This equipment can be used for testing the assembled high voltage valves on basis of series connected thyristor stacks.

As a result of the above mentioned technologies in production, it is possible to have thyristors with relatively low reverse recovery charge, low temperature dependence, as well as high softness of reverse recovery. Typical characteristics of high voltage thyristors adjusted for usage in series assemblies are shown in Table 1.

Table 1. Characteristics of high voltage thyristors adjusted for usage in series assemblies

Series stacks for usage in soft starters of electric motors

New high voltage thyristors adjusted for usage in series connection are used for series connected stacks, for example, the КТ5.11-800 by Proton Electrolex, designed for usage in soft starters of electric motors operating in an AC network of 6 kV (Figure 4).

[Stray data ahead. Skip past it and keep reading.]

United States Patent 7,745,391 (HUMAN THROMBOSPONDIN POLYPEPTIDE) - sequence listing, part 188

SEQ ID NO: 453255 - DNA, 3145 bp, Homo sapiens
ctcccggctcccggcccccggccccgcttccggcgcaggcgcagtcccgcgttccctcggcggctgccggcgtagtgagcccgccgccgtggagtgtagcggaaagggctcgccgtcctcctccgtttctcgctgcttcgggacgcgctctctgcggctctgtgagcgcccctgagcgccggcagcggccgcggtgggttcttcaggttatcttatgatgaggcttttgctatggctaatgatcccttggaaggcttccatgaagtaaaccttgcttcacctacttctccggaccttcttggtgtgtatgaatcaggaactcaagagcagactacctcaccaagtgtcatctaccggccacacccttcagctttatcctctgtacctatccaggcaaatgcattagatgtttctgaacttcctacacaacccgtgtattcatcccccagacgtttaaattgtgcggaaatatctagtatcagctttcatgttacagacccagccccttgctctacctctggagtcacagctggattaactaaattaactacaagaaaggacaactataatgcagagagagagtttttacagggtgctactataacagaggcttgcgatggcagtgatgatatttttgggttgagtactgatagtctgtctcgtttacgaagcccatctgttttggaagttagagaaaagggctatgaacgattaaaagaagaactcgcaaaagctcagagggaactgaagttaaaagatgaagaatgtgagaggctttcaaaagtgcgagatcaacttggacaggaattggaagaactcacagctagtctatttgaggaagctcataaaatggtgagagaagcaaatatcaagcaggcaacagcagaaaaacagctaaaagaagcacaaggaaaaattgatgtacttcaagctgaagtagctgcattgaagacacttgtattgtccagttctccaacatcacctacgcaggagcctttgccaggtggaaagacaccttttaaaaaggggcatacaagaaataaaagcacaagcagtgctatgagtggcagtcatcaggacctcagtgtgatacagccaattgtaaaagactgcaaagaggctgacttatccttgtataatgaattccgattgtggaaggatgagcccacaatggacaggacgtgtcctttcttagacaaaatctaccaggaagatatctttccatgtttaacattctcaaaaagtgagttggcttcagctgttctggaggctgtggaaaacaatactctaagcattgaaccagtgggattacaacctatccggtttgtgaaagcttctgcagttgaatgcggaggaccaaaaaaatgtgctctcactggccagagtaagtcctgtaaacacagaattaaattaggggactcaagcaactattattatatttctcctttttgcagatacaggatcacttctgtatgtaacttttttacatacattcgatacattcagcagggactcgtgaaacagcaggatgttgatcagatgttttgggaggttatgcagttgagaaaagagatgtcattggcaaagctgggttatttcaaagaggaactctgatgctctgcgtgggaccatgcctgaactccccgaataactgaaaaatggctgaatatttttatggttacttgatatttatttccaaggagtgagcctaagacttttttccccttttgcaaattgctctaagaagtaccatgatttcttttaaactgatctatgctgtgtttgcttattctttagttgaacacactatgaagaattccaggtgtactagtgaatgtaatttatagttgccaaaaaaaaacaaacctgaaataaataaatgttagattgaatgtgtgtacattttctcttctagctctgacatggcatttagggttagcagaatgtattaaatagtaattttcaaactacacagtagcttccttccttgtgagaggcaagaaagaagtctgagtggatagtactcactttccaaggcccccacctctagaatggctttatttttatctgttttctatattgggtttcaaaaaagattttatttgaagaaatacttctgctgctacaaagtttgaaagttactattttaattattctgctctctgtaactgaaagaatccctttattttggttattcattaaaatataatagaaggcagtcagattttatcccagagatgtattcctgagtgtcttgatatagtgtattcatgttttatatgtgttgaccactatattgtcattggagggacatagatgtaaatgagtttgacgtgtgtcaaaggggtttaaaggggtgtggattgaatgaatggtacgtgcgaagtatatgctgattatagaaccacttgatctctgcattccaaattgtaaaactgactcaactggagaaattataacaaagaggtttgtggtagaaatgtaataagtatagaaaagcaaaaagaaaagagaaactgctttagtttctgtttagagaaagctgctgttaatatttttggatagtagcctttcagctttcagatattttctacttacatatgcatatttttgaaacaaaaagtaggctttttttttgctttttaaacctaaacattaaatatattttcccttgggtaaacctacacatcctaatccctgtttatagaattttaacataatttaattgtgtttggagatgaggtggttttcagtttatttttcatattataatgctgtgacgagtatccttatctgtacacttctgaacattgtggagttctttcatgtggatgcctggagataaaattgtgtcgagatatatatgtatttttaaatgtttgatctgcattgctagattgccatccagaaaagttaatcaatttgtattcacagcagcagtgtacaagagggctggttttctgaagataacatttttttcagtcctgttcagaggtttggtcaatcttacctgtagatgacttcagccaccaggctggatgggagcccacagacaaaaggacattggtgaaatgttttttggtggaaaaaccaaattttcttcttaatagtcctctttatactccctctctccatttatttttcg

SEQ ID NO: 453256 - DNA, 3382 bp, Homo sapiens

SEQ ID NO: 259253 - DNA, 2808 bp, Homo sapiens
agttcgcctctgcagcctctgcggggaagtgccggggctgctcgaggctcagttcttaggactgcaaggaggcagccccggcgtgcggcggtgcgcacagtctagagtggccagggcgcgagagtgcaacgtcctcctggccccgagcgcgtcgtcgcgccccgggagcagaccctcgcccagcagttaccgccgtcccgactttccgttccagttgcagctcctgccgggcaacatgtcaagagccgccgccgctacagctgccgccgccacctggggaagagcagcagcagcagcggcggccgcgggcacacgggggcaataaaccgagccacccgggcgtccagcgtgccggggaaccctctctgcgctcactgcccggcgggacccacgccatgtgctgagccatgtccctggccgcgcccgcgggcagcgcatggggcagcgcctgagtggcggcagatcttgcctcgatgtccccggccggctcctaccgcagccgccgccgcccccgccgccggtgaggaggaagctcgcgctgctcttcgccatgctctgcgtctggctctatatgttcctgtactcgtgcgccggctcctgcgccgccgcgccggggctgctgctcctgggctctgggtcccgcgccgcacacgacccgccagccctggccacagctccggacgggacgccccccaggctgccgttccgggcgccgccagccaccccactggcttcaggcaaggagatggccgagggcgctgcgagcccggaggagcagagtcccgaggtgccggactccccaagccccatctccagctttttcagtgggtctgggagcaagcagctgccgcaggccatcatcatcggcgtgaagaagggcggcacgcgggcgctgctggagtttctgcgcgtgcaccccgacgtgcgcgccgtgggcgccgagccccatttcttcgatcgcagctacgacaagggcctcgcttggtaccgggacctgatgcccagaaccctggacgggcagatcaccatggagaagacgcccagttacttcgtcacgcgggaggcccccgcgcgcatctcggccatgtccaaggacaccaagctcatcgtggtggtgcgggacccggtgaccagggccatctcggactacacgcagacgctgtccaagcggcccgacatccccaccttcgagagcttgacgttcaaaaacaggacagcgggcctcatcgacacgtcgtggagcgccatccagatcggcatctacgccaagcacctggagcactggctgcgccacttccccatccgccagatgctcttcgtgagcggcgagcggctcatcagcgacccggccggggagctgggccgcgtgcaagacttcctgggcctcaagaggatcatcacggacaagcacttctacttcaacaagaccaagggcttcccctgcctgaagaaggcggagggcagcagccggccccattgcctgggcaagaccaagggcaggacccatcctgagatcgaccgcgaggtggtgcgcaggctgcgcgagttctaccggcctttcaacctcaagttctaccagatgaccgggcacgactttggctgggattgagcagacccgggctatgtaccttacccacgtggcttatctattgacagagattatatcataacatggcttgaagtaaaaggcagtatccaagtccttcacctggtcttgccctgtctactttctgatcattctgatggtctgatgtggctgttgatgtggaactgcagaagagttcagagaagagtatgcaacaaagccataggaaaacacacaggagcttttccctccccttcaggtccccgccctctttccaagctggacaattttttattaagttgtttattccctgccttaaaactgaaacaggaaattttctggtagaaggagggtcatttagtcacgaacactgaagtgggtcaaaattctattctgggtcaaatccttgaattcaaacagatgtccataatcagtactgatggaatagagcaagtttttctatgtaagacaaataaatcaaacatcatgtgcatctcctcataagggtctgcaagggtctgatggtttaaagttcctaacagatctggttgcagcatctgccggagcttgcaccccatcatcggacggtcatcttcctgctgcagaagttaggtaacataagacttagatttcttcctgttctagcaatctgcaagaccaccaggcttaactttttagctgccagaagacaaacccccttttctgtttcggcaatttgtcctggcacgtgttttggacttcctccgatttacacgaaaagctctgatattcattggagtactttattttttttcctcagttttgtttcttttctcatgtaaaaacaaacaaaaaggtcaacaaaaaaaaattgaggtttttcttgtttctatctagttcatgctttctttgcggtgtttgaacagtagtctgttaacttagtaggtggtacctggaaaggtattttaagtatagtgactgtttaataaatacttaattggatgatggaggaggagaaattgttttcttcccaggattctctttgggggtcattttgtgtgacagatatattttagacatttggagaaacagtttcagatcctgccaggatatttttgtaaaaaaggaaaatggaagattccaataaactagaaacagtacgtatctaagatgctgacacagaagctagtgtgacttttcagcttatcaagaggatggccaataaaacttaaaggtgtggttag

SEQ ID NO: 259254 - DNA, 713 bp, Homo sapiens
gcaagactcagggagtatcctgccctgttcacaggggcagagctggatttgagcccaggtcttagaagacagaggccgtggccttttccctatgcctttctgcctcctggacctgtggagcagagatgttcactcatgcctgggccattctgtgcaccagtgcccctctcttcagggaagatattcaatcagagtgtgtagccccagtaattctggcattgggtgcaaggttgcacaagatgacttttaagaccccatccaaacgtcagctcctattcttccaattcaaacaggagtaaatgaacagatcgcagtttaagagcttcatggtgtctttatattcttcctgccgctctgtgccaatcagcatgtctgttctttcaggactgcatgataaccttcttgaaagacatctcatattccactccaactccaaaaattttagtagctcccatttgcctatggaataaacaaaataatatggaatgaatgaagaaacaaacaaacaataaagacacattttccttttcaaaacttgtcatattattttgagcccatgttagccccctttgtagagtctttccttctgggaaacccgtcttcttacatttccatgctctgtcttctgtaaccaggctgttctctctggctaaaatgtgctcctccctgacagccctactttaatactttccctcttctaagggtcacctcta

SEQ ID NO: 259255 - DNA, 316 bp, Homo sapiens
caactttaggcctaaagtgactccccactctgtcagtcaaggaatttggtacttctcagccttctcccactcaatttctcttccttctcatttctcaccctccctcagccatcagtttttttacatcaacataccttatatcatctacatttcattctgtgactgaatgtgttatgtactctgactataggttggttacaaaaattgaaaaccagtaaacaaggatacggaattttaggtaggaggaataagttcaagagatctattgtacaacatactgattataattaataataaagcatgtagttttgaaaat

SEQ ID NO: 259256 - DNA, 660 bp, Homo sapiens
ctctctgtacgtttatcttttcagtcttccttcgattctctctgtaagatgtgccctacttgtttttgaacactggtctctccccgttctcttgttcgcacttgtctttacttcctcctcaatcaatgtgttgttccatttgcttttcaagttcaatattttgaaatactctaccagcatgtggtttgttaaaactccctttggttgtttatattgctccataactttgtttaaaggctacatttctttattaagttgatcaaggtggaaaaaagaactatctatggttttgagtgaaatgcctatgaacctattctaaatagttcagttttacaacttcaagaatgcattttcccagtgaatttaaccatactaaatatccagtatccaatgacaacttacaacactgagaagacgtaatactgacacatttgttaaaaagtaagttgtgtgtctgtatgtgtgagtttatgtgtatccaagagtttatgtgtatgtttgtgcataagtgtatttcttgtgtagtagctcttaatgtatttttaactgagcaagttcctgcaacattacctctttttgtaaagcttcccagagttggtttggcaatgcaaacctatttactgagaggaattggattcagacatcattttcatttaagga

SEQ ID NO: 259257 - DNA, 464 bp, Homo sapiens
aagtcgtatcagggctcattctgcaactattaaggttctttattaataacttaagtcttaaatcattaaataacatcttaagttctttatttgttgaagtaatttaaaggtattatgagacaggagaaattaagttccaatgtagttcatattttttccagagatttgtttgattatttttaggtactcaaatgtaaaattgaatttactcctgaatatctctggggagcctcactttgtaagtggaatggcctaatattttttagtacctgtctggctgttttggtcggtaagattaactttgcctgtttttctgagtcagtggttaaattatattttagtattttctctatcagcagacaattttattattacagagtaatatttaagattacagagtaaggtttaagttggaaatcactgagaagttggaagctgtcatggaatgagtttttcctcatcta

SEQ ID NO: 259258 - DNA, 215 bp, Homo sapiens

Figure 4. КТ5.11-800 stack for usage in soft starters of electric motors operating in AC network of 6 kV

The stack consists of thyristors with 6,5 kV blocking voltage and presents the complete unit – AC stack equipped with drivers, power units, conforming circuits and heat sinks. A basic diagram is shown in Figure 5. Thyristor groups, forming direct and reverse stacks are controlled separately by fiber optic line.

Figure 5. Basic diagram of КТ5.11-800


For more information, please read:

Thyristor Basics

Dynamic Properties of Thyristors

Proton Irradiation Technology

Power Devices Produced Using Proton Irradiation Technology

Modeling of Power Semiconductor Devices